Tomorrow is Thanksgiving, at least for Americans, and this it the final post of this series. I’ve covered a few different topics gratitude, compassion, awe, but before you sit down tomorrow with significant (and insignificant) others, to eat yourself silly, I thought I’d tackle some seemingly “less adult” themes that might help to make your holiday weekend happier.
A fellow told me he was going to sky-diving school. He said, ‘I’ve been going for three months.’
I said, ‘How many successful jumps do you need to make before you graduate?’
He said, ‘All of them.’
How many times did you laugh in the last week? I hope a lot. You probably didn’t laugh 300 times a day (the normal rate for a child. Adults average around 17 times). So there’s room for improvement.
Laughter is great for the abs and it gets a lot of oxygen into the lungs, which makes you feel better. Scientific study is showing that laughter really fundamentally helps you to lead a happier life. So making it a point to try and see the funny side of things is going to be good for you, and everyone your with.
Humor can also stop a lot of arguments cold. At Thanksgiving especially, it pays to know some jokes or stories, even if they aren’t your own. Here’s true one that’s timely.
A Tennessee woman entered into a prolonged, fraught stand-off with a wild turkey that was blocking her car in her driveway.
She tried shouting at the turkey, charging it with her vehicle and also coaxing it out of her way by feeding it a raspberry, but ultimately conceded, “I’m not a wild turkey, so I really have no idea what a raspberry means to a turkey.”
In the end, she was able to scare the turkey away by hurling a frozen turkey at it.
Try to remember some embarrassing things that happened to you over the last year. They’re probably weren’t funny at the time. But now, in retrospect, they might be hilarious. And not just to yourself.
Research has show that telling embarrassing stories about ourselves actually makes people like and trust us more. So, get your family and friends around the table to tell their tale and have a good laugh. Rebuild some bridges — through humor.
Good judgment comes from experience, and a lot of that comes from bad judgment. — Will Rodgers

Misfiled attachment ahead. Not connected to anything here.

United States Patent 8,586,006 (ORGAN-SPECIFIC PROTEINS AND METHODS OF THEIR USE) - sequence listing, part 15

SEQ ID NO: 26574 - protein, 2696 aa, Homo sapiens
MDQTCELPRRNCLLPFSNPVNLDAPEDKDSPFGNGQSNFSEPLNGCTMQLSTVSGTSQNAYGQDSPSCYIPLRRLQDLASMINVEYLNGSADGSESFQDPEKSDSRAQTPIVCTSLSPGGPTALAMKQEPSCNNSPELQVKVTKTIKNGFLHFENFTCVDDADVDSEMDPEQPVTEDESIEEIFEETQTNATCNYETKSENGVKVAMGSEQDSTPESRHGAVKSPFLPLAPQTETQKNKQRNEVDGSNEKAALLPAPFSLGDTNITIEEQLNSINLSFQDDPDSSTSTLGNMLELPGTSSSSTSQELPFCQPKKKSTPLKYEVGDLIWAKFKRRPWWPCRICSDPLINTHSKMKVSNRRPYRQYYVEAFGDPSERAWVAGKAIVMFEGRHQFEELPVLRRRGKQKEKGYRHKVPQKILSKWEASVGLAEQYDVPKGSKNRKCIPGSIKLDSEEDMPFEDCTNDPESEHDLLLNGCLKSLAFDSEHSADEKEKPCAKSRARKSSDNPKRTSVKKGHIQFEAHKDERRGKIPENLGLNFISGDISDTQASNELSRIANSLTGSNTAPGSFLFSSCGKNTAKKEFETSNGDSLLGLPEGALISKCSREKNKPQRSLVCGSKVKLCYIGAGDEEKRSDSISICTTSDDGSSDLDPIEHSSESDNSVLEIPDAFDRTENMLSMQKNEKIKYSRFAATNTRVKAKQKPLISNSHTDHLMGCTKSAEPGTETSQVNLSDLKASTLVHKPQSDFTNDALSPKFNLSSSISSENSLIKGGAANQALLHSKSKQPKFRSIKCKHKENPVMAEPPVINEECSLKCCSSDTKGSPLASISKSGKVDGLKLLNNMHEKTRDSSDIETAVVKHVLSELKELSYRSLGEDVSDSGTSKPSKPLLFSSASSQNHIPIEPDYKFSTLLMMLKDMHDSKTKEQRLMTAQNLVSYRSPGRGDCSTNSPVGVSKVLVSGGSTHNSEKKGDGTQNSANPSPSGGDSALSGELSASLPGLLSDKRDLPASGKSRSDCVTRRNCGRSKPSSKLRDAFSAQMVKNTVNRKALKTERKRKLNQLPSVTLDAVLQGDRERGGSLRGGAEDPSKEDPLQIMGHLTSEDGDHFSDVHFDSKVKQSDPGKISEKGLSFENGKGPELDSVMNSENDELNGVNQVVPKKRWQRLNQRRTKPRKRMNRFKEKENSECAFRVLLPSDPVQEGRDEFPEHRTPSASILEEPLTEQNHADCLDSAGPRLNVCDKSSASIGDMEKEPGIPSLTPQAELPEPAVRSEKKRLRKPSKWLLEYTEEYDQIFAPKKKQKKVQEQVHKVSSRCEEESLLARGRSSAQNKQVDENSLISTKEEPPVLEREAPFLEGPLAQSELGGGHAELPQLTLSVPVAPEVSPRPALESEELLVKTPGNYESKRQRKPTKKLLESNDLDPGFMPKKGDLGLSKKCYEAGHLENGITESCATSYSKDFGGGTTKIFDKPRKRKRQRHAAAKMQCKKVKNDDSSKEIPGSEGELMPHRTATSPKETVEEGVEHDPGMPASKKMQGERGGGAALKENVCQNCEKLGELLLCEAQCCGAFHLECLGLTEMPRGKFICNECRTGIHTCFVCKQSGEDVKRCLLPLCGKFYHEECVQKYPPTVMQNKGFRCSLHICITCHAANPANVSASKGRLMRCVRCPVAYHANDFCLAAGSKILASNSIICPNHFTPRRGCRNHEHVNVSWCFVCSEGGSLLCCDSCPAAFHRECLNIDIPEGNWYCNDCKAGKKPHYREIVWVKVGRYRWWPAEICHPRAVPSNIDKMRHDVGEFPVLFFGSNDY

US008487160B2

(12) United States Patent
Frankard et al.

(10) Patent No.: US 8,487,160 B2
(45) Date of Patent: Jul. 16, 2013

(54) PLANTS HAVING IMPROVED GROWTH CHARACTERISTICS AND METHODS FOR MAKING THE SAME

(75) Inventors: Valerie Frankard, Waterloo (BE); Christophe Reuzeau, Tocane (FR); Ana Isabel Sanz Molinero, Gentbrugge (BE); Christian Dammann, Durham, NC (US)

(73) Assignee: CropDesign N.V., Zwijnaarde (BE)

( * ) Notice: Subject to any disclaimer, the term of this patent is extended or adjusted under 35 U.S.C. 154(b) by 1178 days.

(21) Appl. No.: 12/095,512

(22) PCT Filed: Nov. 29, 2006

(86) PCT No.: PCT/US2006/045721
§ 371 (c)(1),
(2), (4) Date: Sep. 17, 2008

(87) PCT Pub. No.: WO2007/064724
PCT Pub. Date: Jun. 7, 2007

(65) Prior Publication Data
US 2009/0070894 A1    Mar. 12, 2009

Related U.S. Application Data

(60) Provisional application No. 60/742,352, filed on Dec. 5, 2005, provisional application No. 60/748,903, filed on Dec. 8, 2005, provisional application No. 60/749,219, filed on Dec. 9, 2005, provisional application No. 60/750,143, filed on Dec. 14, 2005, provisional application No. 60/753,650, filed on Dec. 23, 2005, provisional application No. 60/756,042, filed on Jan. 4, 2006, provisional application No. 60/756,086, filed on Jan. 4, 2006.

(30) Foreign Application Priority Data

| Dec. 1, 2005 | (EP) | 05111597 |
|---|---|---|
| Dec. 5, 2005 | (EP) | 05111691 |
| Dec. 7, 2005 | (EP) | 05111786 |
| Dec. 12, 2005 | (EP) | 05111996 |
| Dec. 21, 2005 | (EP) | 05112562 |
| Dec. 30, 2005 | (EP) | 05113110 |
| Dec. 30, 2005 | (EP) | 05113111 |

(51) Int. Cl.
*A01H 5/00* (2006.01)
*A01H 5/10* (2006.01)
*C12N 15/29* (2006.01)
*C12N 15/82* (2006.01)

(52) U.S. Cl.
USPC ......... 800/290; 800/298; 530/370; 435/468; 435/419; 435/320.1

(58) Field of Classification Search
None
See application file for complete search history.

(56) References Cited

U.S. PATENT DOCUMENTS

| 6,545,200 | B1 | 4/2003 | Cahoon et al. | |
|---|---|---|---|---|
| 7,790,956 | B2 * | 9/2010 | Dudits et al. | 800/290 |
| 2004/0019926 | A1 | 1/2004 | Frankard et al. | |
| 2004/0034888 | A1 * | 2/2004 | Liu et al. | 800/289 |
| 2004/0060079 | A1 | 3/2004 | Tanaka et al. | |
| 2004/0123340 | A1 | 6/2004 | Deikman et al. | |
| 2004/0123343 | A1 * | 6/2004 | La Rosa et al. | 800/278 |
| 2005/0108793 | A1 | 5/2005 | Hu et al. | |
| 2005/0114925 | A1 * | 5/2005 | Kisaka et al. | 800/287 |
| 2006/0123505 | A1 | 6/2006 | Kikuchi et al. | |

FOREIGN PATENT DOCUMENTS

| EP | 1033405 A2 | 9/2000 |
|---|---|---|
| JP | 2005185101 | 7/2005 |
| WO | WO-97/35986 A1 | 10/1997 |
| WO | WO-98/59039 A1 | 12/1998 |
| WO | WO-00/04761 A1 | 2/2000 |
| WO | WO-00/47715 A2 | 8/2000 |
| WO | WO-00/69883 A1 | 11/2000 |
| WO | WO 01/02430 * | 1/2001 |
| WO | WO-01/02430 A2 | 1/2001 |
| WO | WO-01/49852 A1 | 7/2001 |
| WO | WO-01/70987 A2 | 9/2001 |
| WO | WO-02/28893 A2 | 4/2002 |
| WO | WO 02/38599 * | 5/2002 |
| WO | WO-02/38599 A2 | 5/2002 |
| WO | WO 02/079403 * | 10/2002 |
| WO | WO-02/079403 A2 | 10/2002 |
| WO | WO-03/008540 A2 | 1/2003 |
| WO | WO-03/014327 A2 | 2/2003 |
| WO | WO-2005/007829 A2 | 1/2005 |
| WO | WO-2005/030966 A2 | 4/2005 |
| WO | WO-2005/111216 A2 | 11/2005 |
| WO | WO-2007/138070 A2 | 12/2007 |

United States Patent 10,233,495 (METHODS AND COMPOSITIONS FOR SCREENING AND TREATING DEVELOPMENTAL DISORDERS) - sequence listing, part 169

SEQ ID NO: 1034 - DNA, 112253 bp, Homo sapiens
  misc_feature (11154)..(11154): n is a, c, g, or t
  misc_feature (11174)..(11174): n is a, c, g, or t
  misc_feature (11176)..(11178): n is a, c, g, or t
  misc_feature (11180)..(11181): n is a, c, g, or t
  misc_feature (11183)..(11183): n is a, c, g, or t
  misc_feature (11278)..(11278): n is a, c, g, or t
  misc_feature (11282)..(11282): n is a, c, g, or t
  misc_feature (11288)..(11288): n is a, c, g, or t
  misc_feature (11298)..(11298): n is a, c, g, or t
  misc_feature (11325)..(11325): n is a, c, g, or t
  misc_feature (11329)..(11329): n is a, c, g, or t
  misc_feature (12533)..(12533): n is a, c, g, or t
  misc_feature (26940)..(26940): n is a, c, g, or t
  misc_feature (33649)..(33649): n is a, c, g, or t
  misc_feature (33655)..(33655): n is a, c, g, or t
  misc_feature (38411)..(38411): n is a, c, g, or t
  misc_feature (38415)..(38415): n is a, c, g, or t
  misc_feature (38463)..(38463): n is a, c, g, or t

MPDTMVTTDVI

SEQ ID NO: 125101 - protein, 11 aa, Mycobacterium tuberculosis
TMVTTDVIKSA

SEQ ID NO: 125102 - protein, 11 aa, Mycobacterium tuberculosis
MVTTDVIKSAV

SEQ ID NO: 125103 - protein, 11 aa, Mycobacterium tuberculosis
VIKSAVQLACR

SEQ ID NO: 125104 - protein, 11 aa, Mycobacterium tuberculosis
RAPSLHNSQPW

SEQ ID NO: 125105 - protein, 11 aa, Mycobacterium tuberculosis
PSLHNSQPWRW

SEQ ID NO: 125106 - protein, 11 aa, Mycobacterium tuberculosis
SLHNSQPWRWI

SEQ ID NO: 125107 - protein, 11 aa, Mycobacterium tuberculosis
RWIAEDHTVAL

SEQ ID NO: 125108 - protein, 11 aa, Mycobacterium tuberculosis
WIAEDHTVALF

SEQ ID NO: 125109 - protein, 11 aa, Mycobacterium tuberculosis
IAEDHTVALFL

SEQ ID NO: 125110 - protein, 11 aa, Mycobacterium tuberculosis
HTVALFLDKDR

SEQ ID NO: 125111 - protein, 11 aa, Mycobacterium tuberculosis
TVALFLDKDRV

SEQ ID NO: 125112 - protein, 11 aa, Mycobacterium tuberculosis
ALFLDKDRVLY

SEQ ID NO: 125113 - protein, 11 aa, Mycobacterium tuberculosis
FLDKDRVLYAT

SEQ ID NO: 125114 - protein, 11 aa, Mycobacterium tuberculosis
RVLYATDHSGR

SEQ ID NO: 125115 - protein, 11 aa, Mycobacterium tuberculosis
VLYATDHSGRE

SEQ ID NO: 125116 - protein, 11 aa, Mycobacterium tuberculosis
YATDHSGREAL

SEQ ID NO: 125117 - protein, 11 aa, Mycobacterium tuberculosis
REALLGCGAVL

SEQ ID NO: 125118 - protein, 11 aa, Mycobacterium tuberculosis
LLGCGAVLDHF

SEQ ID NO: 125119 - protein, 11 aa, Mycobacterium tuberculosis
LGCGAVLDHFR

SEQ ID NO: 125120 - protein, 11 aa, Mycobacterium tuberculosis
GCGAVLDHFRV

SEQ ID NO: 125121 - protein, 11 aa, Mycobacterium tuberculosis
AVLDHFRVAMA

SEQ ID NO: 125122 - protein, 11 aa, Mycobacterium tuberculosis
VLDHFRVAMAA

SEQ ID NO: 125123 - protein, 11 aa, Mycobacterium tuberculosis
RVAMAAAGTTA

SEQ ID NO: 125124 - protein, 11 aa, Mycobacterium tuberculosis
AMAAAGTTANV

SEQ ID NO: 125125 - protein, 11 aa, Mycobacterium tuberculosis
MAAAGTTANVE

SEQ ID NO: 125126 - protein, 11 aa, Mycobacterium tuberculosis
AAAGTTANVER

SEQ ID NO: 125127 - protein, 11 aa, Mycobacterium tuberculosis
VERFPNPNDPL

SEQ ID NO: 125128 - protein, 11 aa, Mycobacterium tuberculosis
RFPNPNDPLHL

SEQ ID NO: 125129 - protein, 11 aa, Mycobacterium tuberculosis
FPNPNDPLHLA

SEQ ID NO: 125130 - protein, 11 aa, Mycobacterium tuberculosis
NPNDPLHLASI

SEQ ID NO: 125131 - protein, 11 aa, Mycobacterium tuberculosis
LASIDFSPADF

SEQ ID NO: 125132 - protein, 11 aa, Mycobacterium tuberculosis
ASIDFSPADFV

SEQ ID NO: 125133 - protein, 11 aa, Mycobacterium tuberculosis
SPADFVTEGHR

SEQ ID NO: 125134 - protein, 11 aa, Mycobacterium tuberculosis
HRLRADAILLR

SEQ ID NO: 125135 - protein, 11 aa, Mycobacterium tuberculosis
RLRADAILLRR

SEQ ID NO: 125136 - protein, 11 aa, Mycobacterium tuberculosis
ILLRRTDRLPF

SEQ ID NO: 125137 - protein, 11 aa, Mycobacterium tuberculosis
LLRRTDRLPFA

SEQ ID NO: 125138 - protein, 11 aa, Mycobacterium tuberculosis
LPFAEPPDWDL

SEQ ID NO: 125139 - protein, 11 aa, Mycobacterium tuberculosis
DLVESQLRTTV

Another thing that really helps buoy the mood during group-oriented holidays is play. Play is not just a button on a device.
Play involves fun, others, and usually the joy that is “mistakes.” It’s something adults don’t do a lot of anymore. Adults tend to watch sports for example, but they don’t play them.
Getting outside, running around playing flag football, or raking and then leaping into leaf piles, or going apple picking, try some serious bird watching, or leaf peeping while showing off your ugly sweater…
gets the endorphins up and builds a group spirit.
If you’re stuck inside, light some candles, build a fire, make some hot cider, toast some pumpkin seeds for that long walk in the woods
and make some pine cone bird feeders to take with you and hang, or break out the traditional actual board, board games.
In short, have some fun. Actual physical fun. Don’t worry social media and virtual reality will still be there when you get back.
If you can’t get your teenagers away from their devices, send them to The Purpose Challenge. There they’ll find a Tool Kin with 4 days (perfect for Thanksgiving weekend) of short but interesting and thoughtful activities designed to help high school students figure out their purpose. (Other than just annoy you)
It helps get them pointed in the direction they may not know they want to go, and figure out what steps to take to be successful and happy their own way, in their own life. It will also give them something to talk about with you! It’s also worth $5,000 – $25000 in prize money for college if you’re a student graduating high school in 2018.